The crash occurred in a farm field located near Castlemore Road and McVean Drive in Brampton, Ontario. The memorial and witness accounts at the time report the crash site was at Woodbridge. This was because in 1970, prior to urban sprawl and changes in municipal boundaries, the site was closer to Woodbridge than Brampton.
A Board of Inquiry published their official report on January 29, 1971. The accident was attributed to pilot error. In the official report, eight recommendations were provided, including that the activating lever for the spoilers should be designed in such a way that it could not be activated while the DC-8 is in flight, that the manufacturer should reinforce the structural integrity of the DC-8's wings and fuel tank, and that Air Canada training and operating manuals should clarify the operating procedures around spoiler arming and deployment.
Though it is customary for airlines to retire a flight number after a major incident, Air Canada continues to use Flight 621 for a flight from Halifax to Toronto. Air Canada no longer operates a flight from Montreal to Los Angeles with a stopover in Toronto.
Recovery and identification of bodies proceeded slowly after the crash due to the need to excavate the crash crater to a significant depth. More than 20 of the passengers were United States citizens, all of them listed as being from Southern California.
On 30 July 1970, 49 identified and 3 non-identified victims were buried at Mount Pleasant Cemetery and in May 1971 a stone monument was erected at the grave site with all 109 names inscribed on it. In 1979 Air Canada also added an additional memorial at Mount Pleasant Cemetery.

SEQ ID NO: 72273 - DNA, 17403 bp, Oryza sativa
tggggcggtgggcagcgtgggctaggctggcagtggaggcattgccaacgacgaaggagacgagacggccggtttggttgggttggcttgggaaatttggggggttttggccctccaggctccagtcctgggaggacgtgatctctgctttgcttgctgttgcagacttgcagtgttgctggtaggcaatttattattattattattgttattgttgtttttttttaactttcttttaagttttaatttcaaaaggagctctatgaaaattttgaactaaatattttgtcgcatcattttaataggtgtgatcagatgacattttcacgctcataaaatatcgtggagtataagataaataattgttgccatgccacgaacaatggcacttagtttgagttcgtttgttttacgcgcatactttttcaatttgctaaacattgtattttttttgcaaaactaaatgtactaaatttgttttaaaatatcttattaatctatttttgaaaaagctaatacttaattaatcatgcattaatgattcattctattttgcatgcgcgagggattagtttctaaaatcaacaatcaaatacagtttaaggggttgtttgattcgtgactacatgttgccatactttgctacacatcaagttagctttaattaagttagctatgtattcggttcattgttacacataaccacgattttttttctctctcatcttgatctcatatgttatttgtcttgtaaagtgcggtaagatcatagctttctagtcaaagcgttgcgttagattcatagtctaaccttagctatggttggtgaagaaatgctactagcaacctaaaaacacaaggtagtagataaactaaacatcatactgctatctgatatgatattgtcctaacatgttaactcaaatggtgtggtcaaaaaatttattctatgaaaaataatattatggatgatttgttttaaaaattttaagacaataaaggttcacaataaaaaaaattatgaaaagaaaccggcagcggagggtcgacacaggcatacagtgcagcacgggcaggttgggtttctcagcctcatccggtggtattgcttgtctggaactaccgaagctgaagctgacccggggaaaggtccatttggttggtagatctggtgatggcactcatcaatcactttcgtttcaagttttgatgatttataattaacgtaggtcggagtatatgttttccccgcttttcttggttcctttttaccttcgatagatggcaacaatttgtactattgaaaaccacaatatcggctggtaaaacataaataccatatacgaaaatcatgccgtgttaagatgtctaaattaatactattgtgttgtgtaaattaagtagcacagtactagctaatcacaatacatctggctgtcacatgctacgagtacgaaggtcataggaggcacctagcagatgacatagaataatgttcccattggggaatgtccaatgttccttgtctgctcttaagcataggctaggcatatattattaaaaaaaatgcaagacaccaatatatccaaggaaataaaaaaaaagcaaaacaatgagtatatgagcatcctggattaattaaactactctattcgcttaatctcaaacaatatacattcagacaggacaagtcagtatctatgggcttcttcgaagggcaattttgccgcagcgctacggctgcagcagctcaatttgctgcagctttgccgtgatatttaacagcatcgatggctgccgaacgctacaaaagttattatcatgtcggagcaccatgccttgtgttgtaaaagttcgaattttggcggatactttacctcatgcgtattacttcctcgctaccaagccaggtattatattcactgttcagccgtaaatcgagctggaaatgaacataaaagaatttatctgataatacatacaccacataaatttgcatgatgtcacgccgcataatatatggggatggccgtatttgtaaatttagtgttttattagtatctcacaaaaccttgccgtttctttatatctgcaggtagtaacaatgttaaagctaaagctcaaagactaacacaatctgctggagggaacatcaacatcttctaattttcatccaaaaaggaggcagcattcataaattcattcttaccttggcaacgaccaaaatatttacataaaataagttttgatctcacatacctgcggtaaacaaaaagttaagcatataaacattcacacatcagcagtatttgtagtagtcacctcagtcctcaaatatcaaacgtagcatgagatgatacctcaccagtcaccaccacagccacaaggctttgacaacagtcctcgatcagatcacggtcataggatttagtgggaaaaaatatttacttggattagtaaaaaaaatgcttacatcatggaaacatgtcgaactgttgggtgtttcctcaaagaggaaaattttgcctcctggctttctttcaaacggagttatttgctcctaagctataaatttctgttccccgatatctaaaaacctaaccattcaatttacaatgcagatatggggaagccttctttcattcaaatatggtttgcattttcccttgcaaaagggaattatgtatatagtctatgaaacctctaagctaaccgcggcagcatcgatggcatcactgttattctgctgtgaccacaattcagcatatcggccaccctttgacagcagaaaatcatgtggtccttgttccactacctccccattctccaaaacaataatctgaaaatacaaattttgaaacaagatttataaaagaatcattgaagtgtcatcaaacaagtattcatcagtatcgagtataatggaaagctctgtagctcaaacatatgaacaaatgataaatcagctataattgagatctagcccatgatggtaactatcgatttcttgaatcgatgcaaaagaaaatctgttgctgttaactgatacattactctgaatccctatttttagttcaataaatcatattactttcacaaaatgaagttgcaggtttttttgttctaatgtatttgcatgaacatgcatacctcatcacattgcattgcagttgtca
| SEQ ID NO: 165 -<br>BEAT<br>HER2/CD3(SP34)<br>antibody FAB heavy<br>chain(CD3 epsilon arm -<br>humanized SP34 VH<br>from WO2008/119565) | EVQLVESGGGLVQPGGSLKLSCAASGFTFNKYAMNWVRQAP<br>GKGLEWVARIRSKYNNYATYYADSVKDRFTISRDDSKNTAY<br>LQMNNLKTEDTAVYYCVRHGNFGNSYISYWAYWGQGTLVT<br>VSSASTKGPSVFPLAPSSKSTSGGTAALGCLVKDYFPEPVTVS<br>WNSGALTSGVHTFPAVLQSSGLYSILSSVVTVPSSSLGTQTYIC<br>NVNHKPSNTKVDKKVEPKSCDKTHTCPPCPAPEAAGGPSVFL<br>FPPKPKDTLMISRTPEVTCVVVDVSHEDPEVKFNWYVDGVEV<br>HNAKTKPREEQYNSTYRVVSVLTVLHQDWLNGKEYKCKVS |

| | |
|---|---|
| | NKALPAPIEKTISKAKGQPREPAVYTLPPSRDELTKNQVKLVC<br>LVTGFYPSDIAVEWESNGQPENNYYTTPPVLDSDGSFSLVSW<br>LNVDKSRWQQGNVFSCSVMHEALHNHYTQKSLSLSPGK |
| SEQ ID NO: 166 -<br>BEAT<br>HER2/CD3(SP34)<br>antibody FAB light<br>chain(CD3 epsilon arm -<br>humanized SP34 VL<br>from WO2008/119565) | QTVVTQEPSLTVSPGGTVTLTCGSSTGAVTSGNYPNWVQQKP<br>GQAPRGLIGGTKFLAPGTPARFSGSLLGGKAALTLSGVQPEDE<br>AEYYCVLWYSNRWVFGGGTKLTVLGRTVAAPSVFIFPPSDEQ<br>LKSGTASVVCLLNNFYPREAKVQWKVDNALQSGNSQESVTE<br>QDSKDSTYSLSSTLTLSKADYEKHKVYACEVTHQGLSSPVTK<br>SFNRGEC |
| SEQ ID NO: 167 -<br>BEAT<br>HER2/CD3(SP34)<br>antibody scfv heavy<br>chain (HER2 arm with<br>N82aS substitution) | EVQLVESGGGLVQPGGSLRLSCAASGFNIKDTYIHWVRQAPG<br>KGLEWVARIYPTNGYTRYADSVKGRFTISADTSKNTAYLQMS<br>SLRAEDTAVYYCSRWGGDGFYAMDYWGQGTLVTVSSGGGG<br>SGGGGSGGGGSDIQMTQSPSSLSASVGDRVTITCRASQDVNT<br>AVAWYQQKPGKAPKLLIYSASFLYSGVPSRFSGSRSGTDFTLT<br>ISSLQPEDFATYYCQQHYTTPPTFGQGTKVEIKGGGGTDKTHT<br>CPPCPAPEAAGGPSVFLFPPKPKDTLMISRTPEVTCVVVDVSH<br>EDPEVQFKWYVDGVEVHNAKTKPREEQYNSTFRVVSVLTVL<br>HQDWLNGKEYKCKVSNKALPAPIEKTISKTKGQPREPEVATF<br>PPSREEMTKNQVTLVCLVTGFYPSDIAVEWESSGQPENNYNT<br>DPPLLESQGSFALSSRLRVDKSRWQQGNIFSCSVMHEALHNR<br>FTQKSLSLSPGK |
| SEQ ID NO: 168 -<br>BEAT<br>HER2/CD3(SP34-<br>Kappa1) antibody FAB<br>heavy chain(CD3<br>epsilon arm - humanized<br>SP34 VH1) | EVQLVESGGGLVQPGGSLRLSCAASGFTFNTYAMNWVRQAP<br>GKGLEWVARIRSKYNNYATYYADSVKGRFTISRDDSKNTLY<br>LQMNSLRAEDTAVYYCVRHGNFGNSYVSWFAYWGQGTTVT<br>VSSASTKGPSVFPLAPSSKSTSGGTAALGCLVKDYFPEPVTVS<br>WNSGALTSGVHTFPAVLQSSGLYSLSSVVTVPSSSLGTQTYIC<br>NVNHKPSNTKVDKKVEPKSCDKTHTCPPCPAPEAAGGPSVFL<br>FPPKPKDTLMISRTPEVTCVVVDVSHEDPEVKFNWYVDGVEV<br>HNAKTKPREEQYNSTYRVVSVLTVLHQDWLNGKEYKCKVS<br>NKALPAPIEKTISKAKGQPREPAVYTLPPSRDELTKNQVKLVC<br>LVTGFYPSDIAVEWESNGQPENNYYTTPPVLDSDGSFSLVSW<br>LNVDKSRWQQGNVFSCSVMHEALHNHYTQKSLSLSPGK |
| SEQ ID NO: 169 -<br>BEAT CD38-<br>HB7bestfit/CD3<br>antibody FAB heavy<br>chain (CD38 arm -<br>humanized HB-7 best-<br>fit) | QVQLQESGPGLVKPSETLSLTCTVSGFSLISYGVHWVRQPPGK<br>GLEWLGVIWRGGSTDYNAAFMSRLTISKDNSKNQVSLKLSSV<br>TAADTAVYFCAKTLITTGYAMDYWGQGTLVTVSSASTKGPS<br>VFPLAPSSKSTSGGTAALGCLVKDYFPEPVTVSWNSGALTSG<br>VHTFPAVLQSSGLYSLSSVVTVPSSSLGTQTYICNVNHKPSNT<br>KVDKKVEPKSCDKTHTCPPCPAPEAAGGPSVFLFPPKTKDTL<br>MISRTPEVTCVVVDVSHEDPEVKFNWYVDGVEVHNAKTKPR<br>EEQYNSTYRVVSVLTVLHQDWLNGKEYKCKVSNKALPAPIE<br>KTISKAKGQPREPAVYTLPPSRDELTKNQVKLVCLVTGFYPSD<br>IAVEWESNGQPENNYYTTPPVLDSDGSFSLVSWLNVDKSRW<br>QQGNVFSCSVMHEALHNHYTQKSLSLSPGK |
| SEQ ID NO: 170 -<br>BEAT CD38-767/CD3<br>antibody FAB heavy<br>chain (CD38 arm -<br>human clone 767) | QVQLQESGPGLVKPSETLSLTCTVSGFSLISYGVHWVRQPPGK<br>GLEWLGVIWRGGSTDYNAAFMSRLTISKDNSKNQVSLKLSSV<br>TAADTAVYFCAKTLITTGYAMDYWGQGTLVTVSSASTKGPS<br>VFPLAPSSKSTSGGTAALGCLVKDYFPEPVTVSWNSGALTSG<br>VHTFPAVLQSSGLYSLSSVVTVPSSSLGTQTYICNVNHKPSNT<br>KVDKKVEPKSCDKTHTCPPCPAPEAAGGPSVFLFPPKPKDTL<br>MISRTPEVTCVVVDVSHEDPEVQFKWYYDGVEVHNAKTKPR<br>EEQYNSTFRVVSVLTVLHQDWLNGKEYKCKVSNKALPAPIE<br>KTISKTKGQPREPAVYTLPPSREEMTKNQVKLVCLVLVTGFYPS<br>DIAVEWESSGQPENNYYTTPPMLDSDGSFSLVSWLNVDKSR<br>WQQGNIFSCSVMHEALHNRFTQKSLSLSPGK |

In June 2002, Paul Cardin, a resident of Castlemore, entered the farm fields comprising the former crash site of Flight 621. He had been inspired by a Toronto SUN article written by feature columnist Mike Strobel in November 2001 which had revisited the 1970 Air Canada crash. Mr. Cardin made some disturbing discoveries at the time which included aircraft wreckage and possible human bone shards. Peel Regional Police Detective-Sgt Frank Roselli and other officers of the Homicide Division were dispatched to investigate Mr Cardin's findings when he reported them on June 27. It was later determined that the bones were not of recent origin, and had indeed come from the crash site. Continuing research of the crash site by archeologist Dana Poulton (D.R. Poulton & Associates Inc), and Friends of Flight 621 (a Brampton-based advocacy group founded by Paul Cardin), produced hundreds of additional human bone fragments.
Memorial Garden dedication in 2013
Since the crash the surrounding area of the crash site itself has experienced significant residential urbanization. In January 2007, the landowners in conjunction with the property developers filed an application to designate a section of the crash site as a cemetery and memorial garden. On July 7, 2013, the memorial was officially opened at the site near Degrey Drive in present-day Brampton.
The small memorial park, approximately a third of a hectare in size (~3,000 M2) contains lilacs and 109 markers of polished white granite arranged in a random configuration within a bed of black granite paving stones. A polished black granite plaque noting all the victims' names is mounted on a large pink granite boulder. A Candevcon Corporation spokesman, Diarmuid Horgan, said at its official opening that it was hoped the park would help victims' families find peace.